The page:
Whilst employers need to supervise workers, it is the responsibility of the employee themselves to actually use the equipment, and in the correct way according to the safety training they should have received. Information, instruction and training should be given to all workers on the risks associated with the particular substances that they work with, the precautions that must be taken as well as the controls and equipment that must be used.
Once the COSHH control measures have been put in place, they need to be monitored, reviewed and amended as necessary to ensure that workers are properly protected, particularly if working practices have changed. New COSHH risk assessments will need to be performed if there is a change to the previous way the substances were used, or if different hazardous substances are being created/used, as the protection that was suitable before may no longer be adequate.
In-House COSHH Courses
This variation in COSHH products makes it difficult and often impractical to run a COSHH training open course, as large parts of it will be irrelevant for the people on the course if they come from greatly differing industries. For this reason, we primarily run our COSHH courses as bespoke in-house courses, which are specifically tailored to an organisation's working environment, and the specific COSHH risks its workers face.
Many of our health and safety training courses such as the NEBOSH Environmental Certificate touch on COSHH to some extent, but for those who are serious about COSHH training for their employees, a bespoke course is really the only effective way to go. We have two COSHH courses that are occasionally offered as open courses, the details of which can be found below, however, these more often form the basis for a bespoke COSHH course which is tailored to the client's requirements.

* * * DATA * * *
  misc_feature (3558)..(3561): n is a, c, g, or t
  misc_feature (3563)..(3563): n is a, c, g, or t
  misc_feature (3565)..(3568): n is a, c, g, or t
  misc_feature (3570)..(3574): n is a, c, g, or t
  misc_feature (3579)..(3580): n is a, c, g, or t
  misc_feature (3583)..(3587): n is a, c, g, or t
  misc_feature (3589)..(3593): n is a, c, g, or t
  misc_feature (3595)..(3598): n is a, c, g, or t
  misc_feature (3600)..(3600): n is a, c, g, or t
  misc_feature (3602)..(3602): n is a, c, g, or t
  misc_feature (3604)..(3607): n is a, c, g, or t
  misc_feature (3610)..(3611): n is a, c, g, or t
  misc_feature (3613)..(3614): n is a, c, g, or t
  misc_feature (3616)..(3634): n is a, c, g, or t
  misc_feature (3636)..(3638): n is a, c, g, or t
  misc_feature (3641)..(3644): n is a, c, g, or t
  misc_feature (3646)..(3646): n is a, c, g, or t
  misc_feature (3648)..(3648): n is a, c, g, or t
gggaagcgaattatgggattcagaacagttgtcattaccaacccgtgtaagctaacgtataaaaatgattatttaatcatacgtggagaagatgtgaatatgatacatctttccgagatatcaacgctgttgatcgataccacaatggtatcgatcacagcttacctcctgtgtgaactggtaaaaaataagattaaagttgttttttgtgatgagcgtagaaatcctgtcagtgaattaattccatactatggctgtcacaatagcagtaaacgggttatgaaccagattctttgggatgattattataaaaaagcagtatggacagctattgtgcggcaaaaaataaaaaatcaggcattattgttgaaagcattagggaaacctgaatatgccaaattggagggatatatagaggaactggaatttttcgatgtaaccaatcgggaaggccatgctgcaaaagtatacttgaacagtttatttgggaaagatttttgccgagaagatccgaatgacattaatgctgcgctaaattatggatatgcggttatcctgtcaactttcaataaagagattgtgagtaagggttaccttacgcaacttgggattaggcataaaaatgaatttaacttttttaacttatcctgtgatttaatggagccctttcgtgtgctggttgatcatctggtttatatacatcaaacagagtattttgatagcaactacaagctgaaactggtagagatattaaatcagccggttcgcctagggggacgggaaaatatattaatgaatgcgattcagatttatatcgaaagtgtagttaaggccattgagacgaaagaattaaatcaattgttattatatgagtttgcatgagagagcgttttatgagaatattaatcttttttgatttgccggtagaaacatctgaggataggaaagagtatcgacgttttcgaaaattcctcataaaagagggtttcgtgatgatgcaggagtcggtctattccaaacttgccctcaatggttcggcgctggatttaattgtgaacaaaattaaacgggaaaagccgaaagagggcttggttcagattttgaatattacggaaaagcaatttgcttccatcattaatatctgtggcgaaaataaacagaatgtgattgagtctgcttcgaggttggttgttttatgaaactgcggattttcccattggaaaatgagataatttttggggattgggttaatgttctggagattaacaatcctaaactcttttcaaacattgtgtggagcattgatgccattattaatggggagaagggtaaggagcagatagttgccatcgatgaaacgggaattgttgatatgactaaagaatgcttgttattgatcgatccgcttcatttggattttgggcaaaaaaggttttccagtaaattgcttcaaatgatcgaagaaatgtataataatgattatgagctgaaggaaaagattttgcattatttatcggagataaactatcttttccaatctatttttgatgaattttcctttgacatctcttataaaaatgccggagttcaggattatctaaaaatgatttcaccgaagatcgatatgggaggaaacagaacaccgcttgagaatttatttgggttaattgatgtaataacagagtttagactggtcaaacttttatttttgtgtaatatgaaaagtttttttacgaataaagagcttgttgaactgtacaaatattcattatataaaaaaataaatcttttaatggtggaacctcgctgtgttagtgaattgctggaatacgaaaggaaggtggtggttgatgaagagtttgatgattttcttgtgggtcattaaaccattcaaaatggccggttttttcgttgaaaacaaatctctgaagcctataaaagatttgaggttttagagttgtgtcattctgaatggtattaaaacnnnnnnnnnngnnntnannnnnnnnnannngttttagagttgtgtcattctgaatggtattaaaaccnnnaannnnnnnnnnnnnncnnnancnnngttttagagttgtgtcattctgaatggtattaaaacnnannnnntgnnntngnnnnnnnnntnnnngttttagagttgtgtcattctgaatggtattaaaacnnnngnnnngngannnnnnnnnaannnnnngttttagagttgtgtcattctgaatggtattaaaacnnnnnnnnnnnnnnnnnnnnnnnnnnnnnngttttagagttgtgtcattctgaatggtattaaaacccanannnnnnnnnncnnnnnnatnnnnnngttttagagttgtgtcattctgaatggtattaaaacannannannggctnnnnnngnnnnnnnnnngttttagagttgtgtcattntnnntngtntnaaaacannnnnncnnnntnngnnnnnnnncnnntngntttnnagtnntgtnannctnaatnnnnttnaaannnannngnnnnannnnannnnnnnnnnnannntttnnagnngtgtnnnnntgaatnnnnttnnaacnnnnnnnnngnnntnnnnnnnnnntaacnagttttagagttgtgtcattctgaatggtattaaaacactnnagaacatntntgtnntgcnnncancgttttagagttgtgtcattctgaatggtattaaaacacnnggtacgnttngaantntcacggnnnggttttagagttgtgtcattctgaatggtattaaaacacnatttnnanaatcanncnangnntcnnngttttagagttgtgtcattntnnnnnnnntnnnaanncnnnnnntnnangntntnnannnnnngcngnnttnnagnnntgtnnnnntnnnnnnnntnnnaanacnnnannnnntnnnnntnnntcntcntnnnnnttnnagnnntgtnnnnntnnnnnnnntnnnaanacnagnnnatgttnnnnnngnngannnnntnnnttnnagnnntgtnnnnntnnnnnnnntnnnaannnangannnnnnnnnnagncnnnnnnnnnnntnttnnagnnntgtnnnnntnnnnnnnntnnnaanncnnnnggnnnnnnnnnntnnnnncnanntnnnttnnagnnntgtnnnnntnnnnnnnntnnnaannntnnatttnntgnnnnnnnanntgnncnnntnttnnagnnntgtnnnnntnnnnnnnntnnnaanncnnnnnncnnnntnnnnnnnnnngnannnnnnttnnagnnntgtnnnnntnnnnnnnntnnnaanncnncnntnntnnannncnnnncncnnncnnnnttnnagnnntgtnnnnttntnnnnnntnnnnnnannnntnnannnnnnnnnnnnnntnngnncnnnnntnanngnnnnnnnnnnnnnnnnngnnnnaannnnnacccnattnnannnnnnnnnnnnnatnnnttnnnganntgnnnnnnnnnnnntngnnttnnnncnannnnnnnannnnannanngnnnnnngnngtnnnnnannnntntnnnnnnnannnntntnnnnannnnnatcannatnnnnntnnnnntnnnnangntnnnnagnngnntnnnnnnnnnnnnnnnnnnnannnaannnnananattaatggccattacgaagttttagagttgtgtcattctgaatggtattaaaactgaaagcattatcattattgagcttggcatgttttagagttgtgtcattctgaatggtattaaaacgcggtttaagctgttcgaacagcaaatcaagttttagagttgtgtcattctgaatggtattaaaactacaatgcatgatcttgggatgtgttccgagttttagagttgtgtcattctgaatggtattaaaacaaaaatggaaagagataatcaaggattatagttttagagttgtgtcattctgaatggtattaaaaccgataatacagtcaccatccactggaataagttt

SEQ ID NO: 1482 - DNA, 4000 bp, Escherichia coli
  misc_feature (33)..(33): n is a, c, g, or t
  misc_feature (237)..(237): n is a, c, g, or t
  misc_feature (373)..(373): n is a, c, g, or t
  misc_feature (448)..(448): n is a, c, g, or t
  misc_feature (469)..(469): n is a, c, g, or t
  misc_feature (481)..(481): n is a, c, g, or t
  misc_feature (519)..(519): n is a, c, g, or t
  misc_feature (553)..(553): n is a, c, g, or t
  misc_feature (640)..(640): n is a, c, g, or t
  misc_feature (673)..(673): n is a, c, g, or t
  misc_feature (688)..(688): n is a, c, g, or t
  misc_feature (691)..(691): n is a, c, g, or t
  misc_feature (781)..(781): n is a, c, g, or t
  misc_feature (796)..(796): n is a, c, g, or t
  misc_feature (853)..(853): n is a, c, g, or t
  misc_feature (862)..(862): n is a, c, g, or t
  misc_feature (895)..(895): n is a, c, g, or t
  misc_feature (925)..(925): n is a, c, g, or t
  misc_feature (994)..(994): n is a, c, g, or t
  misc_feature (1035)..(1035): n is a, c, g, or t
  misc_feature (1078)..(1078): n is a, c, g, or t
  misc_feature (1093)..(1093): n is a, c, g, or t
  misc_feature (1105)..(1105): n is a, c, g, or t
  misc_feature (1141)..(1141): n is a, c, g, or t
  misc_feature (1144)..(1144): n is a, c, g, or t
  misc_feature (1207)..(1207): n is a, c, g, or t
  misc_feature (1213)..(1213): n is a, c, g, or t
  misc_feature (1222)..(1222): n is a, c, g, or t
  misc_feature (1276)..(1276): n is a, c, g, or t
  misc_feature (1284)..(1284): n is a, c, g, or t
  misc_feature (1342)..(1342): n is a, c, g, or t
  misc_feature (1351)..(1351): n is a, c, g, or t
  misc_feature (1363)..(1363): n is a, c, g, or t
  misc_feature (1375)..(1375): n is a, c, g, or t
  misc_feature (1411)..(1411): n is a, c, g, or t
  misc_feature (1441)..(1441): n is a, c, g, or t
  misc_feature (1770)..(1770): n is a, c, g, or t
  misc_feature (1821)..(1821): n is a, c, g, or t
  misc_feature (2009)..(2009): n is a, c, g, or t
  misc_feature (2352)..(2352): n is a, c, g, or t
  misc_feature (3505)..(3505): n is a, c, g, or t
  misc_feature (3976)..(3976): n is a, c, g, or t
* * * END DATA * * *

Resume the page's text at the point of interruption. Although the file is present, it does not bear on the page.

Online COSHH Training Course
Taking approximately 2-3 hours to complete and approved by IIRSM, our COSHH e-learning course will cover issues such as the different types of hazards, COSHH risk assements and emergency planning.
There are multiple choice questions at the end of each unit. Those who successfully achieve the minimum mark required to pass these assessments are rewarded with a printable certificate.
An e-learning course is ideal for those who cannot get time away from the workplace and do not require a tailored course which deals with specific risks. If you do, then an open course or bespoke/in-house course will be much more suitable for your requirements.
Individuals looking to take this course can purchase a single user license for £15.00 + vat. Please click the link below to complete the booking form and payment online. Once we have received this we will set-up your access to the course within 24-48 hours and e-mail you your log-in details.
Multiple Licenses for Businesses
If you are a business or organisation who have a number of employees that you would like to take our manual handling online course, we offer discounts for multiple purchases, with a greater discount amount available the more courses that are purchased. The pricing and discount structure available for mutiple purchase is currently:
- 2-9 Licenses: £14.00 + vat per license
- 10-49 Licenses: £13.50 + vat per license
- 50-99 Licenses: £13.00 + vat per license
- 100+ Licenses: £12.50 + vat per license
Purchasing a business license will grant the buyer administration access from where they can issue log-in usernames and passwords to their employees.
This allows businesses to take advantage of the greater discounts on offer even if they do not currently know the names of every individual who will be taking the online course, which is particularly useful if you plan to grant access to employees over a period of time rather than all at once (e.g. getting new starters to complete the course). It also negates the need to fill in a massively long booking form with all their names when purchasing!COSHH E-Learning Course